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The youngest gel at U.N. H.Q. for opening ceremonies last evening.

Bow down before your new One World master!


Over at First Things, Russell Saltzman has a piece up on the average cost of weddings these days that makes me, as the father of three teen and near-teen daughters, shudder:

Are you ready: $27,021. This is from an annual survey of young brides eighteen and older who had a wedding in 2011. Nothing is reported of child brides.

This is an uptick from 2010 when the “average” was $26,985. I found no indication where the extra thirty-six dollars went but it is more than the present inflation rate. In 2009, before the recession really kicked in, the average was $28,385. Penny-pinching of a sort marks the two later years, but figures will increase, betcha, as perceptions of economic recovery improve. I don’t know who these “average” people are, but I’m pretty sure I don’t know any of them.

Where one lives affects the “average.” New York City brides shell out a whopping $65,824; some $2,403 going for a dress alone. In North and South Dakota the more sensible brides spend $745 for the dress, but I suppose it depends on how you describe sensible.

A reception hall runs $12,116. Whatever happened to the church basement, or the Legion Hall, or the community center? Wedding budgets—if that word applies at all—range from $65,824 in New York and in Virginia, $14,203.

In a Chicago area wedding the number of invited guests ran about two hundred four at a “luxury” affair; the more ordinary sort averaged only one hundred thirty-six, proving the poor have fewer friends. A majority of weddings extended to three or more days for all the events connected to getting hitched. 

Awk.  I reckon it actually would be a lot more sensible to buy each of them a used car and a ladder.

Actually, Saltzman goes through all of this to make a more important point about marriage:

I’m inclined to think that they are compensating for something, a yearning they can’t define. When we have lost the distinction of Christian marriage in society as a vocation of the baptized in the exercise of the priesthood we share in Christ, then, as Billy Joel sings, “something has been taken out of our soul.” The closest our culture can come to matching the excitement and solemnity of a wedding feast is twenty-seven thousand dollars. Ah, but what else should we expect? With all the de trop nonsense we clergy have allowed and encouraged by silent consent, it’s nobody’s fault but our own.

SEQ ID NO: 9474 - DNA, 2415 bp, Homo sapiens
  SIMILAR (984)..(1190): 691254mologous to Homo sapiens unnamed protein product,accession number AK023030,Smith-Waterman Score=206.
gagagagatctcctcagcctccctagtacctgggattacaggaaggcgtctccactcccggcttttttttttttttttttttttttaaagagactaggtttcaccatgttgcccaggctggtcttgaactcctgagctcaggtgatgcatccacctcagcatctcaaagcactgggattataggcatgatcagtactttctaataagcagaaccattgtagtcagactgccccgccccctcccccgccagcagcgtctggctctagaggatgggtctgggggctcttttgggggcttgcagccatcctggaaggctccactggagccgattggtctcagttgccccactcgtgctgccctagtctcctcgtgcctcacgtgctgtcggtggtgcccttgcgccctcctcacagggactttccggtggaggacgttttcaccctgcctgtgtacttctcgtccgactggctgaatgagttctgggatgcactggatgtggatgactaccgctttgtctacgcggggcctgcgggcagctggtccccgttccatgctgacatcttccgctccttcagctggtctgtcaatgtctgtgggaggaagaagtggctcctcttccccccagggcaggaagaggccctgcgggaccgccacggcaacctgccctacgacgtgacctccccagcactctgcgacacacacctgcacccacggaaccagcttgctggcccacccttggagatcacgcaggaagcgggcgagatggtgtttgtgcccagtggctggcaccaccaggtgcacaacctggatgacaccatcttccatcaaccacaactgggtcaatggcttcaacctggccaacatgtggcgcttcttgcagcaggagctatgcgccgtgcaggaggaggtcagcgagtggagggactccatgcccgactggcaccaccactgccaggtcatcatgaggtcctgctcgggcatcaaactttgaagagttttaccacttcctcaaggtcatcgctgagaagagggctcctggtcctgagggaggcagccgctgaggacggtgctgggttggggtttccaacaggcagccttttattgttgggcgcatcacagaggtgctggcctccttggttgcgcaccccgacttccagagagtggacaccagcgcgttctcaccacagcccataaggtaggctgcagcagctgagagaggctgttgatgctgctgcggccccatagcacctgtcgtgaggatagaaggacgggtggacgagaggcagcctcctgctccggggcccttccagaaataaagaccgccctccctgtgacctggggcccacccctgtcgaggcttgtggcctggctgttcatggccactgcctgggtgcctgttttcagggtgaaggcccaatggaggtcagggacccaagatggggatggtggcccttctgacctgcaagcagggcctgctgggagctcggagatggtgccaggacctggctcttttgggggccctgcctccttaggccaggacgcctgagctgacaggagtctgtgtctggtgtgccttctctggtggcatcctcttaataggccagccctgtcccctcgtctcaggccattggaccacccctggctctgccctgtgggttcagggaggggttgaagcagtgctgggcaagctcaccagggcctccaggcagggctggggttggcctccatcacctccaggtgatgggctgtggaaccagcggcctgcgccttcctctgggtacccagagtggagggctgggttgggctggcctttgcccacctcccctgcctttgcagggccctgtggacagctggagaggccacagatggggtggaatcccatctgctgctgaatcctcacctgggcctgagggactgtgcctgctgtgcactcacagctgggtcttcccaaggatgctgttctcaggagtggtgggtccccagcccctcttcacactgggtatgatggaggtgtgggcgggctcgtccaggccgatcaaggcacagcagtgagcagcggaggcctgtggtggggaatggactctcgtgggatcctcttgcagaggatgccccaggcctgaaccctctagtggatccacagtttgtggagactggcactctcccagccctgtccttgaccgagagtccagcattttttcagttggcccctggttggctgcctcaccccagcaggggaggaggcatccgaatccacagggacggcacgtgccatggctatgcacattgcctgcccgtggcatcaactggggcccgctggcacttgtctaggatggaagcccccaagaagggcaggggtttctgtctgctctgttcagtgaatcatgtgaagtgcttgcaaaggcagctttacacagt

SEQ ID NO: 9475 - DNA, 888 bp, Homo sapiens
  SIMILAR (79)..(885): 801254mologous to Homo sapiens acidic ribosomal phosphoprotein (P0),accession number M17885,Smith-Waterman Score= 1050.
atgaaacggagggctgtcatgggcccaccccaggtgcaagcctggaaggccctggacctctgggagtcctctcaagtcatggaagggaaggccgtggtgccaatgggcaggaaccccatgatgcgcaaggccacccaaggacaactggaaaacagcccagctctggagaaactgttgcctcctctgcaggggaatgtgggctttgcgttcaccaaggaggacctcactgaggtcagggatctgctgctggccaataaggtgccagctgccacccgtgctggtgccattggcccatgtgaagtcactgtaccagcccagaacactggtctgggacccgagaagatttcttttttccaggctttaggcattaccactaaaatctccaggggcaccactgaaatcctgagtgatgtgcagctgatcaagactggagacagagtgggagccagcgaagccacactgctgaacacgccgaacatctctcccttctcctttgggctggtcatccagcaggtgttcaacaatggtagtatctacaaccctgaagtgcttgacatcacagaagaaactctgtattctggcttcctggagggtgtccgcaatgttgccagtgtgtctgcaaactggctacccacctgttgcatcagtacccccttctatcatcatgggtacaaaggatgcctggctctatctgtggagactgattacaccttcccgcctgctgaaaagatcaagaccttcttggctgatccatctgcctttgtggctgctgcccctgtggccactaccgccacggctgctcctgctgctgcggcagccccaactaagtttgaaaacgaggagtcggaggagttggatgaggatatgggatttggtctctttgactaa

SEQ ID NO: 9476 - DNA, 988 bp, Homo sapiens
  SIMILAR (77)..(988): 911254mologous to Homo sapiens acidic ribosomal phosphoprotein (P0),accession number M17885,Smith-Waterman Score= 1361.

I think that’s exactly right and have said the same sort of thing many times to my own brood.  Indeed, I sometimes suspect that they bring up, for example, the Kim Kardashian biznay just for the entertainment value of watching ol’ Dad start to foam and froth about profaning sacraments.

Greetings, my fellow port swillers!

It appears that ol’ Robbo has scored a triumph of sorts by successfully lobbying the eldest gel to choose Latin over French for 9th grade.

I pointed out to her that Latin has many, many benefits.  It will reenforce her English vocabulary.  Reading Caesar and Cicero, Virgil and Ovid in the original will broaden the scope of her historickal awareness.  If she ever chooses to start attending Latin Mass she’ll have the vocabulary and pronunciation down pat already.

I also pointed out that, in terms of both spelling and grammar, Latin’s a heck of a lot easier than French.   Latin always was a working language, sensible and to the point like the people who spoke it.  Somewhere along the line, French turned into an academic one, giving a gang of snotty Frogs the opportunity to sit about inventing new difficulties.   Who needs that?

UPDATE: I am getting slow.  Forgot to mention the most important point: It’ll make this scene all the funnier –


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April 2012